Requiem for a Village (BFI Flipside) (DVD + Blu-ray) 
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REQUIEM FOR A VILLAGE (DVD + Blu-ray)
A Film by David Gladwell
THE FLIPSIDE: rescuing weird and wonderful British films from obscurity and presenting them in new high-quality editions.
The idyllic, rural past of a Suffolk village comes to life though the memories of an old man who tends a country graveyard, in this extraordinary, little-seen film from David Gladwell. Although best known for his celebrated work as editor on Lindsay Anderson's If.... and O Lucky Man!, Gladwell has, until now, rarely been recognised as the director of a number of ground-breaking films
- Presented in both High Definition and Standard Definition
- A Summer Discord (Gladwell, 1955, 17 mins, silent): a visionary drama centered around a young girl's argument with her mother
- Miss Thompson Goes Shopping (Gladwell, 1958, 23 mins): a sensitive and inventive portrait of an elderly lady's shopping trip
- The Great Steam Fair (David Gladwell, Derrick Knight, 1964, 18 mins): an assured, lyrical example of Gladwell's extensive work as editor and director of documentary shorts
- An Untitled Film (Gladwell, 1964, 9 mins): an extraordinary piece of film art, exploring the power, beauty and violence contained in a single moment of time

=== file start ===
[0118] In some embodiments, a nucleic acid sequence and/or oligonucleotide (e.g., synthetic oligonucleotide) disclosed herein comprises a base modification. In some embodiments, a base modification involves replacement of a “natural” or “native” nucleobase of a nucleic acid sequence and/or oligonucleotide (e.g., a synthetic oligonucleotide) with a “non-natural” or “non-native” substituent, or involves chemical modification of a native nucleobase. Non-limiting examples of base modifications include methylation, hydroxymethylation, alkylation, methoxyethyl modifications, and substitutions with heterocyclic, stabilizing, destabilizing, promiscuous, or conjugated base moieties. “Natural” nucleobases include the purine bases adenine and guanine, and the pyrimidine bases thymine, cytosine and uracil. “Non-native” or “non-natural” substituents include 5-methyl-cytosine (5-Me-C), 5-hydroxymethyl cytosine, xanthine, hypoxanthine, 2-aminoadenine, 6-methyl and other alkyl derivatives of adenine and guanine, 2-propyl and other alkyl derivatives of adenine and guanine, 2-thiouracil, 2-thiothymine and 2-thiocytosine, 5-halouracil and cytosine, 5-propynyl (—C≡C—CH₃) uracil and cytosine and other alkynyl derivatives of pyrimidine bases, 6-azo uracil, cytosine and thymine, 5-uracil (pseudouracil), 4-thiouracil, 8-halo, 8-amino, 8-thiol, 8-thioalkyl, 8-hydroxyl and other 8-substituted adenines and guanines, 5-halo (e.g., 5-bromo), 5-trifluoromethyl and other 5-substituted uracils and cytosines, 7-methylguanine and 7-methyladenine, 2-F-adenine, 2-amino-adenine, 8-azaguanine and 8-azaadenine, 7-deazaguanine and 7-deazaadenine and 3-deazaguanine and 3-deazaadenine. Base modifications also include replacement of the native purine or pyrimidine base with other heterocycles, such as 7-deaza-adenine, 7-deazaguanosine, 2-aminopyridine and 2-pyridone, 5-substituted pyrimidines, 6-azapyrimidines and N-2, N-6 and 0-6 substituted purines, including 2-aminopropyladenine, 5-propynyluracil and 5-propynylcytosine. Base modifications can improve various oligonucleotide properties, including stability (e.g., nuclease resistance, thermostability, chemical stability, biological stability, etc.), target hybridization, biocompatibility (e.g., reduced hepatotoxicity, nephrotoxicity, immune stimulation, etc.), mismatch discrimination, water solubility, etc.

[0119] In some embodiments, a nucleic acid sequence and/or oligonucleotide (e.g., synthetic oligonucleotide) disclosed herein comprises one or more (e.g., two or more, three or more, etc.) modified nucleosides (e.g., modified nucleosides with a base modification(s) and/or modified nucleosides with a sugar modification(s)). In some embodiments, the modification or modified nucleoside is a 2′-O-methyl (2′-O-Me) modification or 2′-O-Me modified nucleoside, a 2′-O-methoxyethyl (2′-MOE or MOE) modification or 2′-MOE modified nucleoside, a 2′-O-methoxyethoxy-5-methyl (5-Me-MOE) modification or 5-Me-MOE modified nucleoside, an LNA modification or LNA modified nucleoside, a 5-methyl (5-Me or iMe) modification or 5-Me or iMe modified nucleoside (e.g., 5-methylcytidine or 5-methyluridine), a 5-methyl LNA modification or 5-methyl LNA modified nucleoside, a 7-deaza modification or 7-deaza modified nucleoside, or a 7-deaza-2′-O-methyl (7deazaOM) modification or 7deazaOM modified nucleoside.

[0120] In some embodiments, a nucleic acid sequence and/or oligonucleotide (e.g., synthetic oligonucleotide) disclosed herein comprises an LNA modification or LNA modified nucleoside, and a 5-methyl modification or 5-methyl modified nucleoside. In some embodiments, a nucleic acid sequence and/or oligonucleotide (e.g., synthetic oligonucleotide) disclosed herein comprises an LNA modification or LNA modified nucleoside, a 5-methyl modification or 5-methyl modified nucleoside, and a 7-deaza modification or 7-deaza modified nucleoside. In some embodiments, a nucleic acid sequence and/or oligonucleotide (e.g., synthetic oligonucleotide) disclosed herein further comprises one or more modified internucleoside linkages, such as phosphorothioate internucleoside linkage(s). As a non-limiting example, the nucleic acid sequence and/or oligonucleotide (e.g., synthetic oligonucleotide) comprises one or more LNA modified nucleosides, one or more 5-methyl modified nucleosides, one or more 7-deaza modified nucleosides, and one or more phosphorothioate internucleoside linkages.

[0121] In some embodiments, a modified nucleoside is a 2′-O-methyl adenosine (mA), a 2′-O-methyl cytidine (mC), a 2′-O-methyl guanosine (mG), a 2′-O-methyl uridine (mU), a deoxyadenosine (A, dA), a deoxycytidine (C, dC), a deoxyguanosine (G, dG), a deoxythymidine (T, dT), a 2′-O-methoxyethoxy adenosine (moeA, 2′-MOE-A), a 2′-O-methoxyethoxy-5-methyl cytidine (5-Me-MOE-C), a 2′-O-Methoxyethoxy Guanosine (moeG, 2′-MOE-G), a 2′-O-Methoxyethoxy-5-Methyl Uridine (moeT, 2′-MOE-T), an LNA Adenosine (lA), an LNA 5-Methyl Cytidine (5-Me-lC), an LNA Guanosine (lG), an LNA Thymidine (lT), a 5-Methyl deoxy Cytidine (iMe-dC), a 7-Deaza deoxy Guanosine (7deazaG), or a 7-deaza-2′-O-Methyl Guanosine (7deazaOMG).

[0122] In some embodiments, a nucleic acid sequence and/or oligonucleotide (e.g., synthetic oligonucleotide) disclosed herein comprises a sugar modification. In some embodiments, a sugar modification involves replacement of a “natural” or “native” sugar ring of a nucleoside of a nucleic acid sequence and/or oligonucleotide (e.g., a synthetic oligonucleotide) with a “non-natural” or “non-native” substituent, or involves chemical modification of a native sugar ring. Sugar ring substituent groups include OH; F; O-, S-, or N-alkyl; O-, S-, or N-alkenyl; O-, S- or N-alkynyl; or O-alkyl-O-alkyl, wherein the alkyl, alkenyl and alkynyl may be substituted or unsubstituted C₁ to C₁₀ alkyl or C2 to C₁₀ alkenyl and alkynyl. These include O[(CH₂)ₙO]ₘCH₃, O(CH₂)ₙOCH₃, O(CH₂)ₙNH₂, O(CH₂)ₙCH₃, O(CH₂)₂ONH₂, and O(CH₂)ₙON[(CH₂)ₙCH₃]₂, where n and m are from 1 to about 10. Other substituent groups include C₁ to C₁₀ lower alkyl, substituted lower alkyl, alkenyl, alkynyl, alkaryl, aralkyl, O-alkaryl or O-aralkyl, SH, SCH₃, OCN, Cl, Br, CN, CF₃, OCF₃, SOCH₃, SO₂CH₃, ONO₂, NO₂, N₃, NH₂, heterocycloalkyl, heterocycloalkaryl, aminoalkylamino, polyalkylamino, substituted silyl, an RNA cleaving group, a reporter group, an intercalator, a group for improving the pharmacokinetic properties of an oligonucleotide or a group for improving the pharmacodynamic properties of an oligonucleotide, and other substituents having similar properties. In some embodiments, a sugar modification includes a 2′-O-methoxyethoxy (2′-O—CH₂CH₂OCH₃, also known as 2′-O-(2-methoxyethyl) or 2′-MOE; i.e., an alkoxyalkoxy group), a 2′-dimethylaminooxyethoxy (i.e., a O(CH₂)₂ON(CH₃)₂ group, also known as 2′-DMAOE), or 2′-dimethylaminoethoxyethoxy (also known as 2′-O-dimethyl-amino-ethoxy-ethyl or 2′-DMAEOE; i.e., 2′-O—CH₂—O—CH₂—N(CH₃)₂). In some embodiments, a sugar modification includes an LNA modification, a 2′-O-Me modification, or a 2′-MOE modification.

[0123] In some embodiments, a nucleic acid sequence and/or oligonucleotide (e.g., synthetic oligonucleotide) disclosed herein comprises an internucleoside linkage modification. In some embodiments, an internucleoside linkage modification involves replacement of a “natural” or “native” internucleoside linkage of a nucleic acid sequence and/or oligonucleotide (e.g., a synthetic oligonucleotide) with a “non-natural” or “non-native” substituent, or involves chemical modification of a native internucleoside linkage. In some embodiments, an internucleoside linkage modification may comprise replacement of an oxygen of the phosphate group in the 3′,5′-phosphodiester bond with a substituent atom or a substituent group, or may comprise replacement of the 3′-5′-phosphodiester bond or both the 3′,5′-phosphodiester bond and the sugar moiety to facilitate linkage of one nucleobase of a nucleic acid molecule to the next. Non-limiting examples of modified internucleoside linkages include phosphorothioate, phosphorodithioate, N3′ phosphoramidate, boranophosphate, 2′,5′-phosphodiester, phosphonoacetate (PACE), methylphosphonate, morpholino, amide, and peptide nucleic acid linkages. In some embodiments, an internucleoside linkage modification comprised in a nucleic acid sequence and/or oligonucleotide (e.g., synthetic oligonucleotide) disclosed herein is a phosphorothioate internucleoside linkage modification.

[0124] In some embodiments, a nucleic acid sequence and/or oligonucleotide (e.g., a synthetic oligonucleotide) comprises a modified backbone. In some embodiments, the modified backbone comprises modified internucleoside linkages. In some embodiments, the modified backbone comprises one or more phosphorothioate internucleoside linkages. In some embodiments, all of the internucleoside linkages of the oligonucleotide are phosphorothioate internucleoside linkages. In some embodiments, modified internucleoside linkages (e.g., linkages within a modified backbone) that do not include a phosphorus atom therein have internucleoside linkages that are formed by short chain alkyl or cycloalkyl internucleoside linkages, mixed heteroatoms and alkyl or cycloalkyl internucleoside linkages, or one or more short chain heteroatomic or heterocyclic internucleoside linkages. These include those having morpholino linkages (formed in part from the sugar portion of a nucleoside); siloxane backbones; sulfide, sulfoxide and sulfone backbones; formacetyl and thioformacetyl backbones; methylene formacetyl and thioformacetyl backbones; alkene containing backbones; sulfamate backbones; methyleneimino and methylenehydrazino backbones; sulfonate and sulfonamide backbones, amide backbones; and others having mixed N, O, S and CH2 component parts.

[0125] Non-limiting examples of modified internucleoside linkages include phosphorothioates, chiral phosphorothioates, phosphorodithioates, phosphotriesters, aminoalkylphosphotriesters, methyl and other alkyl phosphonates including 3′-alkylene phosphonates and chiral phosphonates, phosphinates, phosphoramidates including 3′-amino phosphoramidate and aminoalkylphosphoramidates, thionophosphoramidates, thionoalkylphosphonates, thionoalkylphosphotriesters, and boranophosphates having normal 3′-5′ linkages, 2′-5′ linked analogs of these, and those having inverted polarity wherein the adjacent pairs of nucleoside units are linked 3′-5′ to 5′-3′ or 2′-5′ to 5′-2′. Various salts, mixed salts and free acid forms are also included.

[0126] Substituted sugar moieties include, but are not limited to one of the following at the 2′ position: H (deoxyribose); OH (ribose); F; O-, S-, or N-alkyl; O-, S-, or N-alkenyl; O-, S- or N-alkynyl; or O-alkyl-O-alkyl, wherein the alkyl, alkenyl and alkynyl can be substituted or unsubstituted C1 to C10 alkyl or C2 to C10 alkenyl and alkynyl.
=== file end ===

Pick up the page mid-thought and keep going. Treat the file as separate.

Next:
- Booklet, illustrated withy Gladwell's recent paintings, featuring essays by filmmaker Elizabeth Sussex, Rob young, and William Fowler
UK | 1975 | colour | English language, with optional English hard-of-hearing subtitles | 68 minutes | Original aspect ratio: 1.33:1
Disc 1: BD50 | 1080p | 24fps | PCM mono audio (48k/24-bit)
Disc 2: DVD9 | PAL | PCM mono audio (48k/16-bit) (Extras Dolby Digital 320kbps)
David Gladwell's film is an authentic, lyrical pastoral of absolute and obstinate originality - the work of a unique artist and an extraordinary survivor --Lindsay Anderson
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Top Customer Reviews
This is a virtually dialogue free film built scenes of an old man tending graves in a village. As he tends graves his voice-over reminisces about the people that he once knew buried there. While he tends graves, he sees the dead rise and re-enter the village church for a sermon. Then it starts to get experimental.
This is intercut with contemporary images of village life, mainly snippets of a meeting in which the village leaders attempt to form a protest against local development plans, and also of the past with plenty of slow motion shots of lost village life. Images of the present predominate when bikers invade the village.
Clearly made on a low budget, on 16mm film, this is beautiful and absorbing piece of work. The soundtrack consists of pastoral, atmospheric woodwind driven music - similar to the contemporary works of British jazz musician Bob Downes - and hymns.
The whole bundle is excellent value for money, with a detailed booklet containing notes about the film plus an interview with the director. There's also a blu-ray disc and a DVD.